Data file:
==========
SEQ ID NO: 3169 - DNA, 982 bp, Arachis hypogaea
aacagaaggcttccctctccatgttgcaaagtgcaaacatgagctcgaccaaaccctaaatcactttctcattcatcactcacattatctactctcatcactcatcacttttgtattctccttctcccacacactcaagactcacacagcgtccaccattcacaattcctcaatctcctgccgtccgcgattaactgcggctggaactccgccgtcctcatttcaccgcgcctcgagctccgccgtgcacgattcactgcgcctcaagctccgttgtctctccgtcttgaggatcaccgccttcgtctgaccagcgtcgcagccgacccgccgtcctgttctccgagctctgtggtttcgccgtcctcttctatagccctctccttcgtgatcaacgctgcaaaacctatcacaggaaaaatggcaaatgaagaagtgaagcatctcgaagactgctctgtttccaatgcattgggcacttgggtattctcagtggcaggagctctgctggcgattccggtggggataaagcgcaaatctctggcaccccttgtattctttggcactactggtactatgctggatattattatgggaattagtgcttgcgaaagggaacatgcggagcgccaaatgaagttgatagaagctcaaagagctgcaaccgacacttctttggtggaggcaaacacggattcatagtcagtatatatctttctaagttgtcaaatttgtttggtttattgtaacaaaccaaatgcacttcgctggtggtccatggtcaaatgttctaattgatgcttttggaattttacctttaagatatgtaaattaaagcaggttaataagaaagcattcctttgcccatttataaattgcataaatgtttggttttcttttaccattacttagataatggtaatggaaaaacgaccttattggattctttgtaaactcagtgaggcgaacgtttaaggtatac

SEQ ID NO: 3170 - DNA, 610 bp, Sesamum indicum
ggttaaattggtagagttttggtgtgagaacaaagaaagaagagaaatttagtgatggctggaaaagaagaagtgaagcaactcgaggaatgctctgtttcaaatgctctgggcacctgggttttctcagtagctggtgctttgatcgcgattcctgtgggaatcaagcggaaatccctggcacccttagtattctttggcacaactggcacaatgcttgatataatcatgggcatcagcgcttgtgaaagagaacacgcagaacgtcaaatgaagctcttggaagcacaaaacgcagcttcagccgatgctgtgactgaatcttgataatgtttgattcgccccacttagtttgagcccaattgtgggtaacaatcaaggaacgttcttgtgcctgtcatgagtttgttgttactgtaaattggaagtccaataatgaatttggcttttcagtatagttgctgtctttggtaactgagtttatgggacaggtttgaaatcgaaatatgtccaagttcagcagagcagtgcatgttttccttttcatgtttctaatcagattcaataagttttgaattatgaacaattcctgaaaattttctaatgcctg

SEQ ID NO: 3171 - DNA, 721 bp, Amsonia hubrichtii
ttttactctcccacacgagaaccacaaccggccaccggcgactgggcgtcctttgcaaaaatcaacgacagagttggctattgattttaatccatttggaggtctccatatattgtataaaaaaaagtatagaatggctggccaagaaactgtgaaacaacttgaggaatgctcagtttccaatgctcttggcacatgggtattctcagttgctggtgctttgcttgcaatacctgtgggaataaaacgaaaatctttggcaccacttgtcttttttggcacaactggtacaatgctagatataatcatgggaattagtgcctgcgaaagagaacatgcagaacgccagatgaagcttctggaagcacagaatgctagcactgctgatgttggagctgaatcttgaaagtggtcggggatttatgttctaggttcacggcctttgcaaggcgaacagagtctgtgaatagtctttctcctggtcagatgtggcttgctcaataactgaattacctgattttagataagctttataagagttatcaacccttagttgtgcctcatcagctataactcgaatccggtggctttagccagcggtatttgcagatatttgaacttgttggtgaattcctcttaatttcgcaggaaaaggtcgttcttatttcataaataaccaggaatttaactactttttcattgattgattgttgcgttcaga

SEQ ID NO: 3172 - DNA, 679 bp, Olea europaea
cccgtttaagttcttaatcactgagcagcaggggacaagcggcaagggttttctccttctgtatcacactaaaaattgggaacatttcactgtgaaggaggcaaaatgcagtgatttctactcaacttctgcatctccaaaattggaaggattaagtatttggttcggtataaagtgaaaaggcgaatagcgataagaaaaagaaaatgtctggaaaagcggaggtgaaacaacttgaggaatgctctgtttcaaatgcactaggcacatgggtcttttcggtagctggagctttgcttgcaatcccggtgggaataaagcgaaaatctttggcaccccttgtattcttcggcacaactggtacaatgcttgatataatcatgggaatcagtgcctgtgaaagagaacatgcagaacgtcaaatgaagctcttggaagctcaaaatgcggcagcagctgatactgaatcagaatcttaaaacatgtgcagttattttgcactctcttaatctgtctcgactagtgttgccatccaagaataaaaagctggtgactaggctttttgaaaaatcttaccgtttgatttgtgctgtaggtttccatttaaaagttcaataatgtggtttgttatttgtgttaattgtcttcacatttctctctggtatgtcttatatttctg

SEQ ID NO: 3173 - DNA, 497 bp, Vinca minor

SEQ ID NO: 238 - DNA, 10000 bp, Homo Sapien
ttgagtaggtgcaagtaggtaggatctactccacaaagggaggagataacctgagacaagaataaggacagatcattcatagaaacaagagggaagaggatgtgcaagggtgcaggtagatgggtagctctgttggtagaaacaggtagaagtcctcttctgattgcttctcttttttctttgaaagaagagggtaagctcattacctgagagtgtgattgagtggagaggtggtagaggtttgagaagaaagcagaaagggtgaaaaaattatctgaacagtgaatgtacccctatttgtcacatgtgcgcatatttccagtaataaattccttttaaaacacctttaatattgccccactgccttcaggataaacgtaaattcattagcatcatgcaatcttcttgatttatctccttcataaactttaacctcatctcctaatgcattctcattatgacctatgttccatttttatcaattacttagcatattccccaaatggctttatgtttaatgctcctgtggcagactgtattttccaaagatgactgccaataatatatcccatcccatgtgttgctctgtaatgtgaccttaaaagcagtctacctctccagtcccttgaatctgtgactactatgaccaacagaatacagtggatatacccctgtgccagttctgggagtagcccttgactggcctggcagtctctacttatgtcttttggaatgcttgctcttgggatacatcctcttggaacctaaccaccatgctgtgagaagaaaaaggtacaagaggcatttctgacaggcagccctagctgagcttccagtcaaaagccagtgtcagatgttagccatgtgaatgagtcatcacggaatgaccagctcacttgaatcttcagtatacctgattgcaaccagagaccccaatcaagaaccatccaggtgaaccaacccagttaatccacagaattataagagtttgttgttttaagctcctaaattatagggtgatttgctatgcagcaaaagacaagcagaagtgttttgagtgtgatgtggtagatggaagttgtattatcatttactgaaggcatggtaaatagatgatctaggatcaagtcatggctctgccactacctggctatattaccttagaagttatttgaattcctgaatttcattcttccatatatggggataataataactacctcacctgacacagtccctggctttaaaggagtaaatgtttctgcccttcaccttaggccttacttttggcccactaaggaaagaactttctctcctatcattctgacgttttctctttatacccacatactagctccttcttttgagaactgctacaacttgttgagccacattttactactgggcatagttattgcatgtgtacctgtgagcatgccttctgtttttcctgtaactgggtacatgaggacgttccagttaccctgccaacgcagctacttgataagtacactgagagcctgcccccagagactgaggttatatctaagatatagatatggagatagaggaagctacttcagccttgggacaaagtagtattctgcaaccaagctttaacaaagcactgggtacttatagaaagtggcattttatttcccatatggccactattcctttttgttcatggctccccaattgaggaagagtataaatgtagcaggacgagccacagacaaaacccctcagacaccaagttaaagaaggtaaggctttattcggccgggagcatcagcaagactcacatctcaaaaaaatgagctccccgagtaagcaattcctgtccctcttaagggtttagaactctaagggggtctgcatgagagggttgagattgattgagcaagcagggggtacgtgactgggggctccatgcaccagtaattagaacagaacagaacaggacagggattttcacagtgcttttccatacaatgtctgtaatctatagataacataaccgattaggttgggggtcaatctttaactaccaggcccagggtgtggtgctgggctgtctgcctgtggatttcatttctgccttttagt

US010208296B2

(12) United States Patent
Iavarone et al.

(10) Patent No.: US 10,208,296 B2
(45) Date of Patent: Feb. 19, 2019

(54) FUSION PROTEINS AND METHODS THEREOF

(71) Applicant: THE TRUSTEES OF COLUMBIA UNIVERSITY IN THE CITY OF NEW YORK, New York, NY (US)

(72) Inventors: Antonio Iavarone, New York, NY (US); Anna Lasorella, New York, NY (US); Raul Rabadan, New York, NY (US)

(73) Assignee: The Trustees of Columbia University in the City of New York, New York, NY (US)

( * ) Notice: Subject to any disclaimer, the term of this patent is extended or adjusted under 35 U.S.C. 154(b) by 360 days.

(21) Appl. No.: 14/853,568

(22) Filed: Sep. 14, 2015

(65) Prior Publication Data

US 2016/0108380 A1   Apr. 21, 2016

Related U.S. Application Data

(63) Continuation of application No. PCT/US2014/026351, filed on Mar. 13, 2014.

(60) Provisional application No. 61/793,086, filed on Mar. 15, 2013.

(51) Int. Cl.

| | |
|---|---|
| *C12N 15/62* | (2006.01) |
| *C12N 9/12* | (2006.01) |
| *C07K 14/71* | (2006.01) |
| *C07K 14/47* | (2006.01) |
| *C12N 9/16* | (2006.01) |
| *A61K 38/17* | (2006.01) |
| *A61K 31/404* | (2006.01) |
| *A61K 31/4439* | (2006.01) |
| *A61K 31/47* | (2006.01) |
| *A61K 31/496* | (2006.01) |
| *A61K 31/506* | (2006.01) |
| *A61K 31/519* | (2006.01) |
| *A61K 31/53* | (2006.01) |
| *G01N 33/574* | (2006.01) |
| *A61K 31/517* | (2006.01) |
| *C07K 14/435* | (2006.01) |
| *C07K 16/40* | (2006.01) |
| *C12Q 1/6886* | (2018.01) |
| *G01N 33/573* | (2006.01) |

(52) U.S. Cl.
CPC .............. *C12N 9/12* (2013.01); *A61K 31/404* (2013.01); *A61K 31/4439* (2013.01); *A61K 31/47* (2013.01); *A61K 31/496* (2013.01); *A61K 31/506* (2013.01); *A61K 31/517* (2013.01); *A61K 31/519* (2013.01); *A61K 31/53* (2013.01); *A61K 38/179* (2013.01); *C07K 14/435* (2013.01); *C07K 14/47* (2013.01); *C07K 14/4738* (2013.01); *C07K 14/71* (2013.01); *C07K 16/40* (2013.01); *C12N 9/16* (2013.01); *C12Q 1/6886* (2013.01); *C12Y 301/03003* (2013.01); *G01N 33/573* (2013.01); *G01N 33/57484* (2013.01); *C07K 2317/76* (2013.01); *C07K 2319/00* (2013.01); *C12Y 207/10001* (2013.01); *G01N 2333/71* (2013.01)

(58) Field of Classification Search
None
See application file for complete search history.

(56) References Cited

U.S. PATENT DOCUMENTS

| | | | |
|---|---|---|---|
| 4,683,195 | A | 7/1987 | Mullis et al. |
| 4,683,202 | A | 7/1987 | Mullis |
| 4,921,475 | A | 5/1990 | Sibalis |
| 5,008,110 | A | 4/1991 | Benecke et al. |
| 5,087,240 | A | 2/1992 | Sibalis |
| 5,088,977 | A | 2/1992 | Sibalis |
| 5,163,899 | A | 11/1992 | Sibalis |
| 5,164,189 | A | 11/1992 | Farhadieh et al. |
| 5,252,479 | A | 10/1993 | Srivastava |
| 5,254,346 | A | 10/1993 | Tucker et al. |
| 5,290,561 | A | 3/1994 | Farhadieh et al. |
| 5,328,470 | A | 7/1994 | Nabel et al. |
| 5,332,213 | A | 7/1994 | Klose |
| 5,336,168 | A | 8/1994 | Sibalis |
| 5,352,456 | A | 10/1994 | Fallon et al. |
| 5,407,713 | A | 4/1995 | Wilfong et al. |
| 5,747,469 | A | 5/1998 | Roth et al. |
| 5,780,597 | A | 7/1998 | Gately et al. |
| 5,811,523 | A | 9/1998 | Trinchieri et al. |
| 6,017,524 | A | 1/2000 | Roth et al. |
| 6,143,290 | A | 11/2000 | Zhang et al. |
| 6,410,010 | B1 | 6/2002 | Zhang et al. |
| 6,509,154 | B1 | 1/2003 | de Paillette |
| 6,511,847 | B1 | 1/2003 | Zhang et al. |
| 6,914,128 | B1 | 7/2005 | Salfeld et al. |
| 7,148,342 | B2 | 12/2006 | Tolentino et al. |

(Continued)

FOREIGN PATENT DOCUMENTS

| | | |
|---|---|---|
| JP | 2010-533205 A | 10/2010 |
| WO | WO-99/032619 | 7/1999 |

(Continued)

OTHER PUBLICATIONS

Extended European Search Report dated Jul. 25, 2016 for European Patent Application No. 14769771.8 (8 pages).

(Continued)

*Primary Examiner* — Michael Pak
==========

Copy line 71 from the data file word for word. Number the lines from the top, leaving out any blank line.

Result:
| 5,328,470 | A | 7/1994 | Nabel et al. |